The chief prosecutor for Atty. Gen. John Van de Kamp said Monday the state has included two groups tied to political extremist Lyndon H. LaRouche in a “widening” investigation into possibly fraudulent gathering of signatures for Proposition 64.
Chief Assistant Atty. Gen. Steve White, in the most detailed explanation of the investigation yet, said agents are trying to determine what role the two LaRouche organizations, as well as 20 other people in five states, played in a possible conspiracy. He made his comments at a legislative hearing on Proposition 64, the AIDS measure sponsored by LaRouche’s political followers that seeks to force public health officials to test suspected carriers of the AIDS virus, and remove those with the virus from public-contact jobs such as food-handling and teaching.
White, who is chief of the criminal division of the state Department of Justice, said the investigation, which began in June, may last another six to eight weeks.
Outside the hearing, White told reporters the state has begun cooperating with the federal government and authorities in other states who are investigating the fund-raising tactics of one of the LaRouche organizations, Caucus Distributors Inc. The firm distributes LaRouche literature nationwide and donated most of the $216,000 spent to qualify Proposition 64 for the California ballot.
Caucus Distributors has been fined more than $6 million for refusing to provide subpoenaed records to a federal grand jury in Boston. In a preliminary report, the U.S. attorney there alleged Caucus has engaged in a “massive " scam to illegally use the credit cards of people who buy publications from LaRouche solicitors in airports and elsewhere. In addition, more than seven states are looking into allegations that the group has harassed elderly followers until they contribute large sums, and has lured others into making unsecured loans.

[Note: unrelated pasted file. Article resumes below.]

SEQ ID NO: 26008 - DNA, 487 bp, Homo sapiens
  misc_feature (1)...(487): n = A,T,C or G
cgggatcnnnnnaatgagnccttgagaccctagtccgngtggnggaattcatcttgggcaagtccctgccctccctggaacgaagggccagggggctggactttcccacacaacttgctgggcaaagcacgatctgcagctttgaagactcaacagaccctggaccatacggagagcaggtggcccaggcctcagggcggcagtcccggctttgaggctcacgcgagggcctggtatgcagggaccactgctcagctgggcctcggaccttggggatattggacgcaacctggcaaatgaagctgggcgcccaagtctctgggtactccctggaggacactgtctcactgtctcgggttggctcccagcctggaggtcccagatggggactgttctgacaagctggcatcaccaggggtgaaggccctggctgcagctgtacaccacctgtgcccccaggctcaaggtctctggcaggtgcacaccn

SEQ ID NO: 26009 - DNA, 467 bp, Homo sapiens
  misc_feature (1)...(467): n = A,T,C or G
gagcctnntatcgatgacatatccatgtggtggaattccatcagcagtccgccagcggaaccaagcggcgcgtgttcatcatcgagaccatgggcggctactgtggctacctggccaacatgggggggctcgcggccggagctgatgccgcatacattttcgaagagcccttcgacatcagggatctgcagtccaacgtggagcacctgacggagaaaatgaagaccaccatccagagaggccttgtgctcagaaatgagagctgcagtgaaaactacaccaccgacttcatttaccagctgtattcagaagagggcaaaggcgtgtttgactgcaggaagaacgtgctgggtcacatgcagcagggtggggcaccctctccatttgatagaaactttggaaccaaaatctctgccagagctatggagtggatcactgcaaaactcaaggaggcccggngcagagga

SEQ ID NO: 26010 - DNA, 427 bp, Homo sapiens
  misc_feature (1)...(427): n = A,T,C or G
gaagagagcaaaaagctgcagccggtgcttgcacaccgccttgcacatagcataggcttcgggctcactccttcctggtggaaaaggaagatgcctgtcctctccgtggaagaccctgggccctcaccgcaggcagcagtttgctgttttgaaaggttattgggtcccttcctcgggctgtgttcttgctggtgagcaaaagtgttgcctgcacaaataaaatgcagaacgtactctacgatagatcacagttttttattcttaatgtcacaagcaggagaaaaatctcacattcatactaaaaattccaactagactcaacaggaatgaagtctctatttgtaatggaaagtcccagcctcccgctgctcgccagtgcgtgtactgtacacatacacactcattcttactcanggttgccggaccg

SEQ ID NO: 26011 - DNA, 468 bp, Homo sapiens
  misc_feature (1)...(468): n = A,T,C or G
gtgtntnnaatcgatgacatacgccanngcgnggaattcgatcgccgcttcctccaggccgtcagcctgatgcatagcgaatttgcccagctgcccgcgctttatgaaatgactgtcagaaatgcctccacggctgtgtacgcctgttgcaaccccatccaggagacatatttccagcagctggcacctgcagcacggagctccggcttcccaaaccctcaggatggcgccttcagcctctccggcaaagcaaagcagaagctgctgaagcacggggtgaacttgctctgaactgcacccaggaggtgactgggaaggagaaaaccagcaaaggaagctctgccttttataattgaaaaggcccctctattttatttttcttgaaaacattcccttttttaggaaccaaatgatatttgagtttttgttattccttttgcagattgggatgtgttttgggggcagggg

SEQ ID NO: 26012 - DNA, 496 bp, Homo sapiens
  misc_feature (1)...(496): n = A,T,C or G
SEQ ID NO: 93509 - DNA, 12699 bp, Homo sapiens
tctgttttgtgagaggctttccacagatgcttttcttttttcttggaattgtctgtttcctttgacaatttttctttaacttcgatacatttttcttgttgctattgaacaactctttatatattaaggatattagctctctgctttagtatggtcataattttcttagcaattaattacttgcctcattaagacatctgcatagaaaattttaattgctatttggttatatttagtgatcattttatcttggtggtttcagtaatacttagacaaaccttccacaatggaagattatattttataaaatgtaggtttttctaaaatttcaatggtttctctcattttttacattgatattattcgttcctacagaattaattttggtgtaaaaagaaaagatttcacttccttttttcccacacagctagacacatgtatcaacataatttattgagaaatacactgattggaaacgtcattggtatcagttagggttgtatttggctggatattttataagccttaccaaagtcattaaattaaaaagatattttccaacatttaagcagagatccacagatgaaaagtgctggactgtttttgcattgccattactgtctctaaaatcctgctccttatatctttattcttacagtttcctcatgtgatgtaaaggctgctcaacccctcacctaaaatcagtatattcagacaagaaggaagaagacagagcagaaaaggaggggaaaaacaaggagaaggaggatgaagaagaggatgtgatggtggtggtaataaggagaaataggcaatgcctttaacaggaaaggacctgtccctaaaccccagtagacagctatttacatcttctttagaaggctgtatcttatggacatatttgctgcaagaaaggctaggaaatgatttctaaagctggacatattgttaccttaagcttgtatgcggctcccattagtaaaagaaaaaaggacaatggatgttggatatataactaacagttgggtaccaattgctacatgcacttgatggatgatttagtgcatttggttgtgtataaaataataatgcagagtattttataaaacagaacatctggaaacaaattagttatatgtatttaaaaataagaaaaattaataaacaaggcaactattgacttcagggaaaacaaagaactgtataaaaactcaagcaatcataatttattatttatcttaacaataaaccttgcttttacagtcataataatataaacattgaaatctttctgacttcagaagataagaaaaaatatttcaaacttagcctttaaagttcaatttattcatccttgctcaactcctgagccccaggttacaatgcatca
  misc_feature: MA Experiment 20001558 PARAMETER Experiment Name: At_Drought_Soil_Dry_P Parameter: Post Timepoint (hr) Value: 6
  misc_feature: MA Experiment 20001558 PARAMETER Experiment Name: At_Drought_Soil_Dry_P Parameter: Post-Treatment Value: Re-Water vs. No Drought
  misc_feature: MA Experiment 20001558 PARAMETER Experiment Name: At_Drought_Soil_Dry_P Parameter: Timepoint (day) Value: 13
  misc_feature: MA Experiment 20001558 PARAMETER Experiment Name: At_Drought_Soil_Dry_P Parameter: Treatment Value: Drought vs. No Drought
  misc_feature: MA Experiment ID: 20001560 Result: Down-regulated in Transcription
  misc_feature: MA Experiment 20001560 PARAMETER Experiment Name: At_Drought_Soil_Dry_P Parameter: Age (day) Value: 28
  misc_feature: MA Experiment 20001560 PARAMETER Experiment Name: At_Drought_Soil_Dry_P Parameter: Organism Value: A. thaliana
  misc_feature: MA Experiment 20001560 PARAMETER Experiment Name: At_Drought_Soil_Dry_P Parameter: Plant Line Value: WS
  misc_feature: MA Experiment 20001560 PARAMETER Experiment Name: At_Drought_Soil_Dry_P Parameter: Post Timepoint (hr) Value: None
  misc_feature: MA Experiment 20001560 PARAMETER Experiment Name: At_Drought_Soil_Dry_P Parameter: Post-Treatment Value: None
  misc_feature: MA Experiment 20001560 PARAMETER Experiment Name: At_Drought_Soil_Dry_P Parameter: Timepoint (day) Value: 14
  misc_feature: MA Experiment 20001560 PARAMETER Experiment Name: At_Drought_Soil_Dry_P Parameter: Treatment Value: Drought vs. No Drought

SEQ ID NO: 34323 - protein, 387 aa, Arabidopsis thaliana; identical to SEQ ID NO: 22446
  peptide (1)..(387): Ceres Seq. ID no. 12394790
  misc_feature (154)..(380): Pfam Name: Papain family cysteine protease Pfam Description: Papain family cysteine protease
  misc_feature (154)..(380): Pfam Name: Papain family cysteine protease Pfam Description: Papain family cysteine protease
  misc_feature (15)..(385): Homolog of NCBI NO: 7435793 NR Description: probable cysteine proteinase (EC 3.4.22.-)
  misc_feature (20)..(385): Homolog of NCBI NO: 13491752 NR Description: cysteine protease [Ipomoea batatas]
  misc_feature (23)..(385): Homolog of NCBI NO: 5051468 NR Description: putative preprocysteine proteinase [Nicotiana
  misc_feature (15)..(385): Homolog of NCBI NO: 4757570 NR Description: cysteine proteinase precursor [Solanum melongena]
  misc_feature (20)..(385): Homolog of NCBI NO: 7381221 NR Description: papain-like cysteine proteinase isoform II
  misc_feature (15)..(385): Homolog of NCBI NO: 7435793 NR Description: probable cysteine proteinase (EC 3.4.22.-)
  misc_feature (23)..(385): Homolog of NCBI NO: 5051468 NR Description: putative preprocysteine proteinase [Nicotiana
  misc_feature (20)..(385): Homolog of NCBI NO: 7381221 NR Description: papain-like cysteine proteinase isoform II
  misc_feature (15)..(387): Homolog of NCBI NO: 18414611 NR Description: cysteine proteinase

Officials of Caucus and various groups tied to LaRouche throughout the country have denied all the charges.
The investigation into Proposition 64 centers on the use of hired, out-of-state petition circulators to gather signatures at shopping centers last spring.
State law says those circulators must be California voters, White said, to guard against out-of-state interests secretly manipulating the election. The circulators must attest at the bottom of each petition that they are California voters, and falsifying the record is a felony punishable by three years in prison, White told the joint meeting of the Assembly Elections and Reapportionment Committee and the Senate Health Committee.
Agents are also investigating the possibility that there was a conspiracy to break the election laws, White said.
“There are several crimes committed here, we believe,” he told reporters after his testimony.
In late June, a Missouri prosecutor called to report that seven men in his area said they had been paid to come to California and circulate petitions, White said.
The seven answered an ad in a Missouri newspaper placed by a professional petition circulator under contract to the Prevent AIDS Now Initiative Committee, the official sponsors of Proposition 64, White said. The ad offered $400 a week, with all expenses paid, for three weeks of signature-gathering, he added.
Agents obtained evidence that five of the men who finally agreed to take part gathered about 19,000 signatures in Los Angeles and San Diego counties, White said. Since then, he added, evidence has been uncovered that other out-of-state circulators were used, and that some signatures were simply copied out of the Los Angeles telephone book.
White would not detail how the two LaRouche groups, Caucus Distributors and Campaigner Publications, were linked to the investigation.
But he did say the professional petition circulator, identified as Stanley I. Dale, contracted with Caucus Distributors. Campaigner Publications was found to have purchased airline tickets for some or all of the 20 out-of-state signature gatherers who have been identified, White said.
Dale could not be reached for comment Monday.
It is considered unusual for prosecutors to discuss an ongoing investigation. Asked by reporters why he was breaking with convention, White said the public has a right to know what is going on before the election.
“This is a serious thing because if the allegations are true, it undermines our democratic processes and challenges our initiative process,” White said.
Before the committee, White urged the Legislature to pass new laws requiring election officials to verify the eligibility of petition circulators and to disqualify any signatures gathered improperly.